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I've seen plenty of questions about the difference between Struts2 and Spring MVC. But my question is the following:

I have a large-scale web app that needs reworking and its based on Struts2. What I want to do is integrate Hibernate + Spring + Spring Security + Potentially Spring DM ( since we want to make it as modular as possible).

Now as you can see its already a lot of reworking, so I am wondering IF in case I leave Struts2 (to reduce a tiny bit my rework) would this cause a significant perfromance issue in the future?

My question is mainly a continuation the question asked by others before. However what I am interested in is not if its possible, more like what would cost in terms of performance if I keep Struts2.


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up vote 5 down vote accepted

I don't see "performance" as a key factor in the decision of replacing Struts2 with Spring MVC.

If your application currently has performance issues, I doubt that the core Web framework being used (Struts2 or Spring MVC) are the cause of it.

Most likely it's going to be the usage of the framework, or something unrelated to it (backend processing, database queries,....).

If your application doesn't have performance issues, replacing a technical component like Struts with Spring MVC will not influence it. Neither frameworks have major issues and are used in production environments without known performance issues.

The decision to switching to another framework should be based on other factors (support model, community support, functionalities offered by the framework, strategic architectural alignment,....)

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Idd, we already did lot of studies and finally decided to integrate other frameworks such as spring security and spring DM, it tooks us a lot of time to even decide to do this change. By you know, since Spring Security already uses Spring , this means ill have struts2 handler and spring handler wich both do the same thing in my case, execpt that Spring security is much more useful for me since I am interested in using ACL. – Elio Jun 21 '11 at 7:17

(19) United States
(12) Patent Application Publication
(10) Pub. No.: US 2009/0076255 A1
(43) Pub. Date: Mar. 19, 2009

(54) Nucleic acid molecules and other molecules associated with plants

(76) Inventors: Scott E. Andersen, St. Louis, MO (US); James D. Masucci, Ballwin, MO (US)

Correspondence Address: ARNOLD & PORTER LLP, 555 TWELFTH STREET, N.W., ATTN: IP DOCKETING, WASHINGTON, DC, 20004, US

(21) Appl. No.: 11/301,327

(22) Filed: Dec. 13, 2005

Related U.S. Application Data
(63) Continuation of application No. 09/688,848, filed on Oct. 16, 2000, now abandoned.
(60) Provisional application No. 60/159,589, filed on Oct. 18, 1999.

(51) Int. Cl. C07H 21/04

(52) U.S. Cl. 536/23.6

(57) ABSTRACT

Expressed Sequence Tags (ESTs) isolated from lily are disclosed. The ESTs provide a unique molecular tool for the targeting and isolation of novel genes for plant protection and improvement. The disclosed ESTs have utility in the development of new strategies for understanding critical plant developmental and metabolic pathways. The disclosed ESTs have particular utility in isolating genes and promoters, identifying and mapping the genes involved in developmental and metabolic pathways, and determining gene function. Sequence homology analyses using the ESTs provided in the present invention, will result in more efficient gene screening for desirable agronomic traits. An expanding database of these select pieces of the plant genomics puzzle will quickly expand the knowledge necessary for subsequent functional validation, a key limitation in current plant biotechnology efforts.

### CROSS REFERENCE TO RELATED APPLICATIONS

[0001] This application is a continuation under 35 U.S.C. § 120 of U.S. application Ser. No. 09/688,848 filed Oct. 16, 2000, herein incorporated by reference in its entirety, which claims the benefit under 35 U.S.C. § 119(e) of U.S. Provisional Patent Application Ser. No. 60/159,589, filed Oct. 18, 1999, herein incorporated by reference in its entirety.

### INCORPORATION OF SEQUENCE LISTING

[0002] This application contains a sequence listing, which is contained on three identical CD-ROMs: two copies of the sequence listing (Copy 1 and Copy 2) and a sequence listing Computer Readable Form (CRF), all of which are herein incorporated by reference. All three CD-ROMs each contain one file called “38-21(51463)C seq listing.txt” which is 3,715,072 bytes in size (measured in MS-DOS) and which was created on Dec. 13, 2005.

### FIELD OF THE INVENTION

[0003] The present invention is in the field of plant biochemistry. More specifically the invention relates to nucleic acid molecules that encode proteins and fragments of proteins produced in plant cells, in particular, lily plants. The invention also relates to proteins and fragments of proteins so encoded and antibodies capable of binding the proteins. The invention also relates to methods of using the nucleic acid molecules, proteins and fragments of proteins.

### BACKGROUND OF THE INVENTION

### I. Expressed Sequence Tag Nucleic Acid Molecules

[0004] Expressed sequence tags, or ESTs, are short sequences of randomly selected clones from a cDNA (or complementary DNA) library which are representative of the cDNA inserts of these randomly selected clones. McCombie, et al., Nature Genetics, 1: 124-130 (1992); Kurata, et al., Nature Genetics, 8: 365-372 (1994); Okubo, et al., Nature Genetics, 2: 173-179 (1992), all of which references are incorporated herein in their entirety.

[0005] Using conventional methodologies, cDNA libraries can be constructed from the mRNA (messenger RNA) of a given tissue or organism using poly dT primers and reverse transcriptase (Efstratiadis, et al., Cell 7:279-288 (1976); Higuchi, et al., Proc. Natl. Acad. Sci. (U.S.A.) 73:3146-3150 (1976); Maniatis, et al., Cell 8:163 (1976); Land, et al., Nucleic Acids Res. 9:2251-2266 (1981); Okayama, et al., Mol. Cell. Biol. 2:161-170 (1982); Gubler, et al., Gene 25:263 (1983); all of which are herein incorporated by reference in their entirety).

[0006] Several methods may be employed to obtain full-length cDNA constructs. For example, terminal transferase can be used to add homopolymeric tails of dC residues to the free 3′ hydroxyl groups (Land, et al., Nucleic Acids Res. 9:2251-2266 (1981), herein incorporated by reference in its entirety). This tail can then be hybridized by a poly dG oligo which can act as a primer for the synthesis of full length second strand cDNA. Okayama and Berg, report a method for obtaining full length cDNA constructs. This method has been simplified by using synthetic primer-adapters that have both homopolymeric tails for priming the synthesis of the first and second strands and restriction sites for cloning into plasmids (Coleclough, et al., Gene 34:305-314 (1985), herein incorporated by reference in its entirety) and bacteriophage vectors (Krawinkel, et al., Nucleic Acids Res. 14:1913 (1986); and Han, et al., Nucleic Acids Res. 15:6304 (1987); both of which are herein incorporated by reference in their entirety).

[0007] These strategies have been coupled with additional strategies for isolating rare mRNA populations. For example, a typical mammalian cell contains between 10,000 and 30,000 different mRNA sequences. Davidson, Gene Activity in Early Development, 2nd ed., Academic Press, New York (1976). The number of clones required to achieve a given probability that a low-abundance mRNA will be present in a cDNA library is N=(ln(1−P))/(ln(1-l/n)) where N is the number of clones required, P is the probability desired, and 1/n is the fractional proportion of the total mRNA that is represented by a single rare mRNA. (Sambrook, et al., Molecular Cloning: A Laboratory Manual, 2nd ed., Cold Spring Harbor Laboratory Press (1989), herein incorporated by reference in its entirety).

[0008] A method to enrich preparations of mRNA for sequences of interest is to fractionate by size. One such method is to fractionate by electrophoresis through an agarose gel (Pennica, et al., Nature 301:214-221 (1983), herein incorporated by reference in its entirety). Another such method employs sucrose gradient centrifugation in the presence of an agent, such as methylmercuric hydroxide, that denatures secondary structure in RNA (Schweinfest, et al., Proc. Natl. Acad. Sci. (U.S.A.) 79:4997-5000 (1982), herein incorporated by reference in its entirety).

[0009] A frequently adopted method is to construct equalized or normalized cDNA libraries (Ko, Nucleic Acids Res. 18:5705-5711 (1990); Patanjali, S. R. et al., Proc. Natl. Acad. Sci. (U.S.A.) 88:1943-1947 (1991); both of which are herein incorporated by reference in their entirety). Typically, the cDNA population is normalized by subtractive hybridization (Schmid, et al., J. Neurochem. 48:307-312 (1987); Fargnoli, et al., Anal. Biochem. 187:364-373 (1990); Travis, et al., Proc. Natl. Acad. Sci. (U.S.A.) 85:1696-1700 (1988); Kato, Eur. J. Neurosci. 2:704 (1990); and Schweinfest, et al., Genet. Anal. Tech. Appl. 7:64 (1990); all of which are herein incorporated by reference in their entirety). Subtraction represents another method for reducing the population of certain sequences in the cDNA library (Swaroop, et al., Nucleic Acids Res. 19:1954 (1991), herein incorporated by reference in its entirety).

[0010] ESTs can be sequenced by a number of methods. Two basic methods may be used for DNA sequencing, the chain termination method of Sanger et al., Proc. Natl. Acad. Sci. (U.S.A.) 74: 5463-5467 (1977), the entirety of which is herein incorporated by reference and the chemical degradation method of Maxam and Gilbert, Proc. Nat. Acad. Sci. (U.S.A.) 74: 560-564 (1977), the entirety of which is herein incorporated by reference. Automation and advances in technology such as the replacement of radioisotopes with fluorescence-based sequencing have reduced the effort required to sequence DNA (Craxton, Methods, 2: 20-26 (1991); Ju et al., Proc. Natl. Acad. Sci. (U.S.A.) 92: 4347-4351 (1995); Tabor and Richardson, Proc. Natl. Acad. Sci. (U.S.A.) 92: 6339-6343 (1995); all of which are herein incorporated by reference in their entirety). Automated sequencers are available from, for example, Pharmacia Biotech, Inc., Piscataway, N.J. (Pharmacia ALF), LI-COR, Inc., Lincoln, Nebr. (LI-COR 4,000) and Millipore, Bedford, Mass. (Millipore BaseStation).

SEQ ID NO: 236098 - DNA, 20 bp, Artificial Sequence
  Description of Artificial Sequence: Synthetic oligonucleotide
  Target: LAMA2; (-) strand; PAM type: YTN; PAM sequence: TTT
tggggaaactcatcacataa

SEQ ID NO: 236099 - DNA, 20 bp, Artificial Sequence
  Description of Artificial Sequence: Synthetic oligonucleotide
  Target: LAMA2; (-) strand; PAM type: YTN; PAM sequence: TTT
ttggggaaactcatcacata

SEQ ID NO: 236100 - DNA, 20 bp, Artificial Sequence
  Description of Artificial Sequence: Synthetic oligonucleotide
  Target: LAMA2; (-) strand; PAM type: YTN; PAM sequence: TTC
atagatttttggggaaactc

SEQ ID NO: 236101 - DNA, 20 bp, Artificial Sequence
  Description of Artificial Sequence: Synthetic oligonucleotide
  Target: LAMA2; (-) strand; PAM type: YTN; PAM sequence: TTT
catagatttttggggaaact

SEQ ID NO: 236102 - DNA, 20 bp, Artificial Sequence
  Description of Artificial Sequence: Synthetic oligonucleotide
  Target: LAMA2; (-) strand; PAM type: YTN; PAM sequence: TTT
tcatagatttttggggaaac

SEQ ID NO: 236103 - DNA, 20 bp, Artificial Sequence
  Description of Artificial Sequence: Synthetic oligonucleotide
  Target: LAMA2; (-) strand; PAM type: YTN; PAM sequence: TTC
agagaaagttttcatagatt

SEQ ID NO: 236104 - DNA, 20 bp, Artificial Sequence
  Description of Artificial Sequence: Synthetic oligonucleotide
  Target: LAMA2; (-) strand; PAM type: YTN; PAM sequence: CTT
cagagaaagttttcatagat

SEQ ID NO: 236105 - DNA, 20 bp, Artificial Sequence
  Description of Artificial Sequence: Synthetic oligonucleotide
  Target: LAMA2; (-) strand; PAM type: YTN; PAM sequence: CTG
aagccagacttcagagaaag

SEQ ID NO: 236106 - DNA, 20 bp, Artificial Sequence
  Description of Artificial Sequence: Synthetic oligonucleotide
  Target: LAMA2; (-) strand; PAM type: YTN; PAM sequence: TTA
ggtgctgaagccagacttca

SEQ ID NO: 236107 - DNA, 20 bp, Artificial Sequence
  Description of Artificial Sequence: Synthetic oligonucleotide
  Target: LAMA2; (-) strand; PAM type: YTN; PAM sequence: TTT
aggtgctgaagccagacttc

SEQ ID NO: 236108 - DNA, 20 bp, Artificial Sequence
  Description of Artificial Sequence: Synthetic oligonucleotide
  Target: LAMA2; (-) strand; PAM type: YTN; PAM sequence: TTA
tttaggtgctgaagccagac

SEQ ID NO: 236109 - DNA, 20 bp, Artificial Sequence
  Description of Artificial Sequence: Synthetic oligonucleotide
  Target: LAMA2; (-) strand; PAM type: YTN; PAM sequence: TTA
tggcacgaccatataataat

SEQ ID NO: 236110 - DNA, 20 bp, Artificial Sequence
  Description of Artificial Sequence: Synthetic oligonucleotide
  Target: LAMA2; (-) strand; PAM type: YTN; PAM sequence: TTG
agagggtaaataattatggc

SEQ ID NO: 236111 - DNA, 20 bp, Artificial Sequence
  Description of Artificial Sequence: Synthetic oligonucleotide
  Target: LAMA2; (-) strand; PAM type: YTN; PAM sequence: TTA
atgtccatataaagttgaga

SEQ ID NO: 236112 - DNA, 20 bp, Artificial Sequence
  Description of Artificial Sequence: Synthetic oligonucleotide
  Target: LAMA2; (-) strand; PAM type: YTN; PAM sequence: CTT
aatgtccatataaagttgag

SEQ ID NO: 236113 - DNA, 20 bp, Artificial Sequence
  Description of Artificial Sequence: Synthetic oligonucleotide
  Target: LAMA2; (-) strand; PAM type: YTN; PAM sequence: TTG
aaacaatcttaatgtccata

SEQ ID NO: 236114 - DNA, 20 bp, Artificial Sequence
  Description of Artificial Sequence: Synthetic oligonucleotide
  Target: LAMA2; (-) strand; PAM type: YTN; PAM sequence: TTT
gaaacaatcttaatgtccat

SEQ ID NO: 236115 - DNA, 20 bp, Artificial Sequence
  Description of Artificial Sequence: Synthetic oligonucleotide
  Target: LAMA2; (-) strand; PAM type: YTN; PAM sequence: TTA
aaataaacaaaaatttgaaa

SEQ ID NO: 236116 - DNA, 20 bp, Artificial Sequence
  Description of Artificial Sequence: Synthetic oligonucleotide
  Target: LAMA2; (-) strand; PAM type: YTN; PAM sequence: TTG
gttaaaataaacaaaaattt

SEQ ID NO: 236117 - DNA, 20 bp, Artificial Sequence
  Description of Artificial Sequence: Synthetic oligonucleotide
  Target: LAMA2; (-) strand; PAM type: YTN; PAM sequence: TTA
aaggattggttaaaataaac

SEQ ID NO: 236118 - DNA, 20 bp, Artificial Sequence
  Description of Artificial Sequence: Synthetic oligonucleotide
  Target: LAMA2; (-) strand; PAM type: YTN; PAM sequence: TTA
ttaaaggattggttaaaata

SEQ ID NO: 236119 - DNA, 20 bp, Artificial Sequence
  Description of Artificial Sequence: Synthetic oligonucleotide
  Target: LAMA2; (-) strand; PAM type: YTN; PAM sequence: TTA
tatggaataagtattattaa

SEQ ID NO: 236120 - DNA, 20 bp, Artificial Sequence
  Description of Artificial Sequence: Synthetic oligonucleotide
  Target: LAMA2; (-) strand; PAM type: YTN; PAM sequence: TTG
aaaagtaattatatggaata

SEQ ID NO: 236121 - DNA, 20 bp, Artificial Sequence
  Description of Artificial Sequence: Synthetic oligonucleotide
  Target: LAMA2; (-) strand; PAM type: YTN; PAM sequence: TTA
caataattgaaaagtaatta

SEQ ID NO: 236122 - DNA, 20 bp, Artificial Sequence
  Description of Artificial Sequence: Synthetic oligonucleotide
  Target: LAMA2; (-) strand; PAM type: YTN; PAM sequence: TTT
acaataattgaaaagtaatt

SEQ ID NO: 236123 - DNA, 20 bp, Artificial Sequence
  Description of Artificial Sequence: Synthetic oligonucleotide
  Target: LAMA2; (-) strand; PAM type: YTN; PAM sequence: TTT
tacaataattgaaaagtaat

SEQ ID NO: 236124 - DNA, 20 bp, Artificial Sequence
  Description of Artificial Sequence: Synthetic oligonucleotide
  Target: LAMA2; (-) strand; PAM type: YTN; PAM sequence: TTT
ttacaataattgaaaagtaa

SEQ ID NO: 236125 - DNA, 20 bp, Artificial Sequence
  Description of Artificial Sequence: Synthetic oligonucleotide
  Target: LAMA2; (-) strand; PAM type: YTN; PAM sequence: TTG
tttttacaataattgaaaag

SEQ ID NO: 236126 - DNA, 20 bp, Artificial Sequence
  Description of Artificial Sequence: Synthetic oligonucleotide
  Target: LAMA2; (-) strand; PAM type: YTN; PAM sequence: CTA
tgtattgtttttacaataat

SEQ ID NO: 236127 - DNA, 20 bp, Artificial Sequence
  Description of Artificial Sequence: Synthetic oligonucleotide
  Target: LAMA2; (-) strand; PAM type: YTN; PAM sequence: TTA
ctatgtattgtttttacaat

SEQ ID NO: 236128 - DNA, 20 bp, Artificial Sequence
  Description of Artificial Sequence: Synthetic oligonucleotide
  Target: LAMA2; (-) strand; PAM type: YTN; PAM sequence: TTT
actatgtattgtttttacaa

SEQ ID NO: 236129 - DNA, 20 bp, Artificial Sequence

@Elio Spring Security works perfectly with Struts2. Every request before entering your struts2 application will be intercepted by spring security filter, necessary checks will be performed and whatever the result is you can decide which struts2 action handle it accordingly. e. g. if you need to authenticate the user you just can tell spring security to redirect to an action mapping that present your login form. – doctrey Jun 21 '11 at 8:21
@doctrey thanks for the input, yea honestly thats what was worrying me, since I will be using RBAC at the methods/resource level. But I think ill leave struts2 afterall :) – Elio Jun 21 '11 at 8:23

My advice: If the application is not broken, don't fix it. Look at the cost to replace Struts2 to Spring MVC and the benefits (include the revenue generation too). If the ROI is less than expenses, then don't do it.

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I don't think that can be answered without making performance test and profiling, because any performance bottlenecks would likely be in your use of the frameworks rather then in the frameworks themselves.

I'd strongly recommend testing before making estimations about the performance.

Also if you're going to switch to Spring MVC only on performance grounds my advice would be: don't do it.

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Modular? Really? You mean your S2 app isn't crafted that way? You can leverage Spring for DI purposes and take a look a the OSGI plug-in. Rewriting your app to use Spring MVC is waste of your IT dollars IMO. Good luck. @jeffblack360

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